Valentine’s Day in a city can make you feel incredibly lonely or incredibly mushy depending on your situation, so it was heartwarming to see such a mix of approaches to love. The fact that we shot the cover around sunset, right after New York’s only real snowfall of the winter, added an extra layer of romance.
As our 10th and largest issue to date, we unofficially referred to this as Realcity 3.0 — an even more focused take on what we’d been doing over the years. We emphasized new sections, new types of pieces and new attitudes in a way that had been lacking before. It felt like a strange, transitional time for everyone around us and the positive approach we took in embracing that uncertainty was much needed.
We needed some fun at this point. The stress of planning our wedding and worrying about where the website was going had started to take over our lives. It’s good to remind ourselves every now and then that cities aren’t just about working hard and achieving things. We also choose the urban life for the unlimited recreation potential that it provides. This is Katie’s favorite cover due to sheer ridiculousness.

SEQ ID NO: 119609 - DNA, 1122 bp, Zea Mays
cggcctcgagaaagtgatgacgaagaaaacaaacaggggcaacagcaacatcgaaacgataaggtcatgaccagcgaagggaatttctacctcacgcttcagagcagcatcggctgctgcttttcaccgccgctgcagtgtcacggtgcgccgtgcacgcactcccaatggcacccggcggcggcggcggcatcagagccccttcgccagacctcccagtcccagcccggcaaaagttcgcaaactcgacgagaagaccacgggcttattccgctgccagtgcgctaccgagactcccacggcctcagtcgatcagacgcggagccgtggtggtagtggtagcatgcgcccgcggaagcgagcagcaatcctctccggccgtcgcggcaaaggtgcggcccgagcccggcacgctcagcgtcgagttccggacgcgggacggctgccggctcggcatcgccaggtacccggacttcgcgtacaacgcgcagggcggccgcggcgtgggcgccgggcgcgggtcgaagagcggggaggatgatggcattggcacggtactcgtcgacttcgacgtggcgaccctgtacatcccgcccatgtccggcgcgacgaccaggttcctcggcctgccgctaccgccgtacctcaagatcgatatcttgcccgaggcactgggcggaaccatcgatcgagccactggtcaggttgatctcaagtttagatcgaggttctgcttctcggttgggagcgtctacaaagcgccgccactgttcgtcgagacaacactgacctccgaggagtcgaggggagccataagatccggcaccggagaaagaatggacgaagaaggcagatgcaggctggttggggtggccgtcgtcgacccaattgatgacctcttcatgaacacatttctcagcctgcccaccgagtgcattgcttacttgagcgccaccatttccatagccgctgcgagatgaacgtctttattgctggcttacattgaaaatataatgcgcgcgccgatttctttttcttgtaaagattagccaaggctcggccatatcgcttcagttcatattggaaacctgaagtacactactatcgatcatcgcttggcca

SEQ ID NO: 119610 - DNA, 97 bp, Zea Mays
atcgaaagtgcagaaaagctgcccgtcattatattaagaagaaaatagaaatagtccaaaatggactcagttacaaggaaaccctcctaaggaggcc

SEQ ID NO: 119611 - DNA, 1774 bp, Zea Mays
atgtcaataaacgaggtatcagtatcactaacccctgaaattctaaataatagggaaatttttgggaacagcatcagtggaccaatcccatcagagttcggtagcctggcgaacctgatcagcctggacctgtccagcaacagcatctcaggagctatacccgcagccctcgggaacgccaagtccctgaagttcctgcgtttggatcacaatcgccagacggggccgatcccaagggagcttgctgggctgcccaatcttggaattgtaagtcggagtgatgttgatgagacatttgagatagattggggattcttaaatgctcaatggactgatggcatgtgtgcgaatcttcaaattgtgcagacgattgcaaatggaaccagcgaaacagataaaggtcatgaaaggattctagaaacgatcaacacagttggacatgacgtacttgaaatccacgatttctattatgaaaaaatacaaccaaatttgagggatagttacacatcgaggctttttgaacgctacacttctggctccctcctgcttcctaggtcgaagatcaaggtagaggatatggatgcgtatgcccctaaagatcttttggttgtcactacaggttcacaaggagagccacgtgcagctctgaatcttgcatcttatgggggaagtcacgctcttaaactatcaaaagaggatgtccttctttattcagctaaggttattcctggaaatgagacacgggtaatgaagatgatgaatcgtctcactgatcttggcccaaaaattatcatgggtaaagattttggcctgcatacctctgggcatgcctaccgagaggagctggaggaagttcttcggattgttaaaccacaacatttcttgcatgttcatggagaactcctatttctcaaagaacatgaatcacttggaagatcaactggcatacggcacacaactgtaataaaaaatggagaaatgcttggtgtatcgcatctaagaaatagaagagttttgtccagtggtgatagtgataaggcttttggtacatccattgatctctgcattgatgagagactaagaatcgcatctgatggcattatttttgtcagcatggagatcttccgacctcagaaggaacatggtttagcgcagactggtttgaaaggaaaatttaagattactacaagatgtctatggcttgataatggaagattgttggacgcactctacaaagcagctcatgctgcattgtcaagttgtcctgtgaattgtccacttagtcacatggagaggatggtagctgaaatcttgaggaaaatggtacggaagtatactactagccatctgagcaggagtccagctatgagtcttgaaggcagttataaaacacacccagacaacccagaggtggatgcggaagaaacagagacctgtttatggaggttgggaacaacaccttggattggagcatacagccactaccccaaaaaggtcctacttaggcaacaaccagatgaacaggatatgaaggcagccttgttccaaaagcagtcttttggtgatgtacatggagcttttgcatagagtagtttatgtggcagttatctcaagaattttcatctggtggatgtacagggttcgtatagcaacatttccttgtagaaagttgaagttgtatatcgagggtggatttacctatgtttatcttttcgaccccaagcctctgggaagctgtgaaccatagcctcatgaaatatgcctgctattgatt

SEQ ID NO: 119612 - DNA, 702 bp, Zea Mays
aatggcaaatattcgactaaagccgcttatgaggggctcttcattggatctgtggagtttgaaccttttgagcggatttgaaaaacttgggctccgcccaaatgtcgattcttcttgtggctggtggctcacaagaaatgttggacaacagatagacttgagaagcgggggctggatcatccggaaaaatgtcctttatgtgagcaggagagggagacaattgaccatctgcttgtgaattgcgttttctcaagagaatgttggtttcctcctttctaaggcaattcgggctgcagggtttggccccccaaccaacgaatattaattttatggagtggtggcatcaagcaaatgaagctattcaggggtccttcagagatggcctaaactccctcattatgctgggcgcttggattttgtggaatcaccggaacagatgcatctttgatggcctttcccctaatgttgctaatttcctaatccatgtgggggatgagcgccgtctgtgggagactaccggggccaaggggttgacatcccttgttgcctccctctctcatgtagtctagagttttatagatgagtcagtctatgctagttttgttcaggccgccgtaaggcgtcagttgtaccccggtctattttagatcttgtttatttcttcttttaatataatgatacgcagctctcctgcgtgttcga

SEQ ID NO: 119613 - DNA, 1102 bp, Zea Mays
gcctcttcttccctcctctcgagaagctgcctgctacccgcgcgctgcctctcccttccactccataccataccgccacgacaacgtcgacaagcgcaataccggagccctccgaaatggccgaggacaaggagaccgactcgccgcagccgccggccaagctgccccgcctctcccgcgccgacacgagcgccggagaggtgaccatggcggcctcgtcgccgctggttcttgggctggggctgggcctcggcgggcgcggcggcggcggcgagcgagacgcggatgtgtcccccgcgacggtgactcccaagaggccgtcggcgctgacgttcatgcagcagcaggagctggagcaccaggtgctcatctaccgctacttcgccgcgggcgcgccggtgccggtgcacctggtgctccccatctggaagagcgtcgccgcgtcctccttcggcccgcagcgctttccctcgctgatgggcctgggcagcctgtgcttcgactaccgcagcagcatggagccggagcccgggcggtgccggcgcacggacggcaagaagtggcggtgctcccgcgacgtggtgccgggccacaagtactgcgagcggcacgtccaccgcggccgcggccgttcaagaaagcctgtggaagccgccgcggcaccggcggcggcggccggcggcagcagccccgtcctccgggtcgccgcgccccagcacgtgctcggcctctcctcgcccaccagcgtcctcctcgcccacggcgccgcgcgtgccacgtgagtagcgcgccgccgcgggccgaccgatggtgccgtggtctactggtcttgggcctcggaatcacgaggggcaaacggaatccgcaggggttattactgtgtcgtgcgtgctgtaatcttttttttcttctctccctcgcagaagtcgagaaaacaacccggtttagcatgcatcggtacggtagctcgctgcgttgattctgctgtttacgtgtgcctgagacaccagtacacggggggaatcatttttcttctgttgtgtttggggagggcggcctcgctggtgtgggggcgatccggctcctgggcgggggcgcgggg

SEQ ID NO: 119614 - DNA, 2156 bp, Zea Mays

This felt like a good comeback after being gone on our wedding hiatus. We really enjoyed learning new and unexpected things about everyone’s cities. At this point, we’d decided to end the site in September so exploring the concept of neighborhoods — something we’d always been interested in — felt like a good step toward fulfilling our overall mission.
The end of summer always has a sense of melancholy about it, but also one of relief. Everyone looks forward to the freedom of these few months with the wide-eyed optimism seen in our Fun Issue, yet is also ready to get back to reality by the time September rolls around. These pieces did a nice job of capturing that and were a good way to close out the season before ramping up for our final installment.
Our final installment is also our most ambitious, with pieces from all six cities. The Swoboda Factor returns with a farewell note, The Wandering Brooklynite settles down, Katie P.B. looks at the future of feminism, Katie R. offers one last piece of advice and much more. Never before has our team analyzed the boundaries of their realities so thoroughly.